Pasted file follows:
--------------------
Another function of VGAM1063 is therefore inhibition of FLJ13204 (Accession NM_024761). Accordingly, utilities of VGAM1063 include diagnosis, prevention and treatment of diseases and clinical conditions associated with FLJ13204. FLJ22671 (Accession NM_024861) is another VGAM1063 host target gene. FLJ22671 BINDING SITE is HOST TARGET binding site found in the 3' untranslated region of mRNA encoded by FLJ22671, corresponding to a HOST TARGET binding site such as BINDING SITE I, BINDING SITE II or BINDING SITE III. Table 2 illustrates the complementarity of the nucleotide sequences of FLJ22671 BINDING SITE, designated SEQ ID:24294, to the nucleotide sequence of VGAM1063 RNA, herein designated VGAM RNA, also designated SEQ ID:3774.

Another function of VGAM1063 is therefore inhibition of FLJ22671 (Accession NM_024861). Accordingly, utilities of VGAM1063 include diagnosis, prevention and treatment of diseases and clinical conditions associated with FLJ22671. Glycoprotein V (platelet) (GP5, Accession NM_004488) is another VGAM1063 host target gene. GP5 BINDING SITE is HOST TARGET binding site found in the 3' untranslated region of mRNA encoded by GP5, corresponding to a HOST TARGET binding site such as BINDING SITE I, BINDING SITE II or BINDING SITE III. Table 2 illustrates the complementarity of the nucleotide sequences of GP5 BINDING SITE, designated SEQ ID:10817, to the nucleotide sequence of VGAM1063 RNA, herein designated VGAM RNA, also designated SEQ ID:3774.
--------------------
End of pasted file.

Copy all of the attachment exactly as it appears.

Another function of VGAM1063 is therefore inhibition of FLJ13204 (Accession NM_024761). Accordingly, utilities of VGAM1063 include diagnosis, prevention and treatment of diseases and clinical conditions associated with FLJ13204. FLJ22671 (Accession NM_024861) is another VGAM1063 host target gene. FLJ22671 BINDING SITE is HOST TARGET binding site found in the 3' untranslated region of mRNA encoded by FLJ22671, corresponding to a HOST TARGET binding site such as BINDING SITE I, BINDING SITE II or BINDING SITE III. Table 2 illustrates the complementarity of the nucleotide sequences of FLJ22671 BINDING SITE, designated SEQ ID:24294, to the nucleotide sequence of VGAM1063 RNA, herein designated VGAM RNA, also designated SEQ ID:3774.

Another function of VGAM1063 is therefore inhibition of FLJ22671 (Accession NM_024861). Accordingly, utilities of VGAM1063 include diagnosis, prevention and treatment of diseases and clinical conditions associated with FLJ22671. Glycoprotein V (platelet) (GP5, Accession NM_004488) is another VGAM1063 host target gene. GP5 BINDING SITE is HOST TARGET binding site found in the 3' untranslated region of mRNA encoded by GP5, corresponding to a HOST TARGET binding site such as BINDING SITE I, BINDING SITE II or BINDING SITE III. Table 2 illustrates the complementarity of the nucleotide sequences of GP5 BINDING SITE, designated SEQ ID:10817, to the nucleotide sequence of VGAM1063 RNA, herein designated VGAM RNA, also designated SEQ ID:3774.